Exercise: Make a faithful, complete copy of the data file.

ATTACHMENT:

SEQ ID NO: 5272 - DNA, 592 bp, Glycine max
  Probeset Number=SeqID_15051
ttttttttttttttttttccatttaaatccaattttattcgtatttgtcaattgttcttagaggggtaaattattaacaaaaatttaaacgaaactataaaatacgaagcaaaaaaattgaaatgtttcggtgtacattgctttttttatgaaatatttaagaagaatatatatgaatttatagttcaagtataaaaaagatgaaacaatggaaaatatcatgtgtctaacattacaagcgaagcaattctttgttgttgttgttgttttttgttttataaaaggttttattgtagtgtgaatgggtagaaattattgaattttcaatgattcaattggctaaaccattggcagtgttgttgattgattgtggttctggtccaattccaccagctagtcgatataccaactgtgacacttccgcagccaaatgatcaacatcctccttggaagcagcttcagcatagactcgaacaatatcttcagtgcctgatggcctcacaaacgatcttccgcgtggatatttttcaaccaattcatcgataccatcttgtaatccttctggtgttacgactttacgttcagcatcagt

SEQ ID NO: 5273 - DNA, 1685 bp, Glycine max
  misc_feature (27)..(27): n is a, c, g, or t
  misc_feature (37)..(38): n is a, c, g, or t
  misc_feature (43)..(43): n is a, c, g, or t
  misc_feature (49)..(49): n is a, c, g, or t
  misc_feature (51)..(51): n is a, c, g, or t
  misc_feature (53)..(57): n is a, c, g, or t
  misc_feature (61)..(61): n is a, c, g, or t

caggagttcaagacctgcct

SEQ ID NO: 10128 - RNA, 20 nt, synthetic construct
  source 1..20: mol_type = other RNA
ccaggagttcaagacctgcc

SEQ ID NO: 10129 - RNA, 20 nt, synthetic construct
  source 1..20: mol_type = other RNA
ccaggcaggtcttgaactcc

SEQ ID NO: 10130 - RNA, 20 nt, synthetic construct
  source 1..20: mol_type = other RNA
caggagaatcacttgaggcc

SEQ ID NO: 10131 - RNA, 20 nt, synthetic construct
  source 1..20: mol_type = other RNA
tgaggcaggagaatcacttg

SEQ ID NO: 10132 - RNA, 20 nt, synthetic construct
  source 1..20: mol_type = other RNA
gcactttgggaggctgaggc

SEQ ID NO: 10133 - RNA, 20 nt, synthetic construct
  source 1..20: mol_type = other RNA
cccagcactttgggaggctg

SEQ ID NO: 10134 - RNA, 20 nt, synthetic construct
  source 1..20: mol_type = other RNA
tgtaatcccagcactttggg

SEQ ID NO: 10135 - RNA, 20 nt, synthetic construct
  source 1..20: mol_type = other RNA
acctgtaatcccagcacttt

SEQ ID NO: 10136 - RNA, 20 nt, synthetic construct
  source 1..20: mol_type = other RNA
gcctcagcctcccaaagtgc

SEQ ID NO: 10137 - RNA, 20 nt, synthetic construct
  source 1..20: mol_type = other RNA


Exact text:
SEQ ID NO: 5272 - DNA, 592 bp, Glycine max
  Probeset Number=SeqID_15051
ttttttttttttttttttccatttaaatccaattttattcgtatttgtcaattgttcttagaggggtaaattattaacaaaaatttaaacgaaactataaaatacgaagcaaaaaaattgaaatgtttcggtgtacattgctttttttatgaaatatttaagaagaatatatatgaatttatagttcaagtataaaaaagatgaaacaatggaaaatatcatgtgtctaacattacaagcgaagcaattctttgttgttgttgttgttttttgttttataaaaggttttattgtagtgtgaatgggtagaaattattgaattttcaatgattcaattggctaaaccattggcagtgttgttgattgattgtggttctggtccaattccaccagctagtcgatataccaactgtgacacttccgcagccaaatgatcaacatcctccttggaagcagcttcagcatagactcgaacaatatcttcagtgcctgatggcctcacaaacgatcttccgcgtggatatttttcaaccaattcatcgataccatcttgtaatccttctggtgttacgactttacgttcagcatcagt

SEQ ID NO: 5273 - DNA, 1685 bp, Glycine max
  misc_feature (27)..(27): n is a, c, g, or t
  misc_feature (37)..(38): n is a, c, g, or t
  misc_feature (43)..(43): n is a, c, g, or t
  misc_feature (49)..(49): n is a, c, g, or t
  misc_feature (51)..(51): n is a, c, g, or t
  misc_feature (53)..(57): n is a, c, g, or t
  misc_feature (61)..(61): n is a, c, g, or t

caggagttcaagacctgcct

SEQ ID NO: 10128 - RNA, 20 nt, synthetic construct
  source 1..20: mol_type = other RNA
ccaggagttcaagacctgcc

SEQ ID NO: 10129 - RNA, 20 nt, synthetic construct
  source 1..20: mol_type = other RNA
ccaggcaggtcttgaactcc

SEQ ID NO: 10130 - RNA, 20 nt, synthetic construct
  source 1..20: mol_type = other RNA
caggagaatcacttgaggcc

SEQ ID NO: 10131 - RNA, 20 nt, synthetic construct
  source 1..20: mol_type = other RNA
tgaggcaggagaatcacttg

SEQ ID NO: 10132 - RNA, 20 nt, synthetic construct
  source 1..20: mol_type = other RNA
gcactttgggaggctgaggc

SEQ ID NO: 10133 - RNA, 20 nt, synthetic construct
  source 1..20: mol_type = other RNA
cccagcactttgggaggctg

SEQ ID NO: 10134 - RNA, 20 nt, synthetic construct
  source 1..20: mol_type = other RNA
tgtaatcccagcactttggg

SEQ ID NO: 10135 - RNA, 20 nt, synthetic construct
  source 1..20: mol_type = other RNA
acctgtaatcccagcacttt

SEQ ID NO: 10136 - RNA, 20 nt, synthetic construct
  source 1..20: mol_type = other RNA
gcctcagcctcccaaagtgc

SEQ ID NO: 10137 - RNA, 20 nt, synthetic construct
  source 1..20: mol_type = other RNA